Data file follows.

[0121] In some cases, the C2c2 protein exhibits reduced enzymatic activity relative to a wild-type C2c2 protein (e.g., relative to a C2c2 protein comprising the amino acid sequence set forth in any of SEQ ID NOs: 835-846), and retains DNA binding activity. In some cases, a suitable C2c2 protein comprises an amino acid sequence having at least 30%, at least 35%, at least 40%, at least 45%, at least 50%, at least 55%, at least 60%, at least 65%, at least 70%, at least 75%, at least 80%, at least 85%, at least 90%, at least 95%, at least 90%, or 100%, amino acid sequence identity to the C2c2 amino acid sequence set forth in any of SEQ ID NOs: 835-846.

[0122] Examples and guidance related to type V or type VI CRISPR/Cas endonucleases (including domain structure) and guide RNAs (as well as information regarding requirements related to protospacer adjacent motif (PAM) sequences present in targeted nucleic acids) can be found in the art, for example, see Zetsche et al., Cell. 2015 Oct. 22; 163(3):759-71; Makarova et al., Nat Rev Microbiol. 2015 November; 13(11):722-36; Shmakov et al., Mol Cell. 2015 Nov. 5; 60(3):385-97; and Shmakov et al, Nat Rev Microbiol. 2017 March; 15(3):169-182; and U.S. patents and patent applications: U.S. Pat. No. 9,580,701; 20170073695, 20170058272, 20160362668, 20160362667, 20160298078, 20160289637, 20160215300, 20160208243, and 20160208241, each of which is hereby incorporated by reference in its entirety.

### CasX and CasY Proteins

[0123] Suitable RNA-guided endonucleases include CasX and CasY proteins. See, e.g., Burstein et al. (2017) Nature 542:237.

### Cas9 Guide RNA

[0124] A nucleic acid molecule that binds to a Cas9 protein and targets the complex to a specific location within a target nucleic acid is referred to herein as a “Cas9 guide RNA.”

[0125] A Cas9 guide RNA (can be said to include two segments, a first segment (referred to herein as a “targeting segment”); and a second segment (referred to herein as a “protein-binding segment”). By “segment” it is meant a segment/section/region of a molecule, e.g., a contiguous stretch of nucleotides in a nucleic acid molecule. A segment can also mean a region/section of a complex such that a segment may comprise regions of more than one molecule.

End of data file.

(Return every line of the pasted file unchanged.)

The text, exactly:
[0121] In some cases, the C2c2 protein exhibits reduced enzymatic activity relative to a wild-type C2c2 protein (e.g., relative to a C2c2 protein comprising the amino acid sequence set forth in any of SEQ ID NOs: 835-846), and retains DNA binding activity. In some cases, a suitable C2c2 protein comprises an amino acid sequence having at least 30%, at least 35%, at least 40%, at least 45%, at least 50%, at least 55%, at least 60%, at least 65%, at least 70%, at least 75%, at least 80%, at least 85%, at least 90%, at least 95%, at least 90%, or 100%, amino acid sequence identity to the C2c2 amino acid sequence set forth in any of SEQ ID NOs: 835-846.

[0122] Examples and guidance related to type V or type VI CRISPR/Cas endonucleases (including domain structure) and guide RNAs (as well as information regarding requirements related to protospacer adjacent motif (PAM) sequences present in targeted nucleic acids) can be found in the art, for example, see Zetsche et al., Cell. 2015 Oct. 22; 163(3):759-71; Makarova et al., Nat Rev Microbiol. 2015 November; 13(11):722-36; Shmakov et al., Mol Cell. 2015 Nov. 5; 60(3):385-97; and Shmakov et al, Nat Rev Microbiol. 2017 March; 15(3):169-182; and U.S. patents and patent applications: U.S. Pat. No. 9,580,701; 20170073695, 20170058272, 20160362668, 20160362667, 20160298078, 20160289637, 20160215300, 20160208243, and 20160208241, each of which is hereby incorporated by reference in its entirety.

### CasX and CasY Proteins

[0123] Suitable RNA-guided endonucleases include CasX and CasY proteins. See, e.g., Burstein et al. (2017) Nature 542:237.

### Cas9 Guide RNA

[0124] A nucleic acid molecule that binds to a Cas9 protein and targets the complex to a specific location within a target nucleic acid is referred to herein as a “Cas9 guide RNA.”

[0125] A Cas9 guide RNA (can be said to include two segments, a first segment (referred to herein as a “targeting segment”); and a second segment (referred to herein as a “protein-binding segment”). By “segment” it is meant a segment/section/region of a molecule, e.g., a contiguous stretch of nucleotides in a nucleic acid molecule. A segment can also mean a region/section of a complex such that a segment may comprise regions of more than one molecule.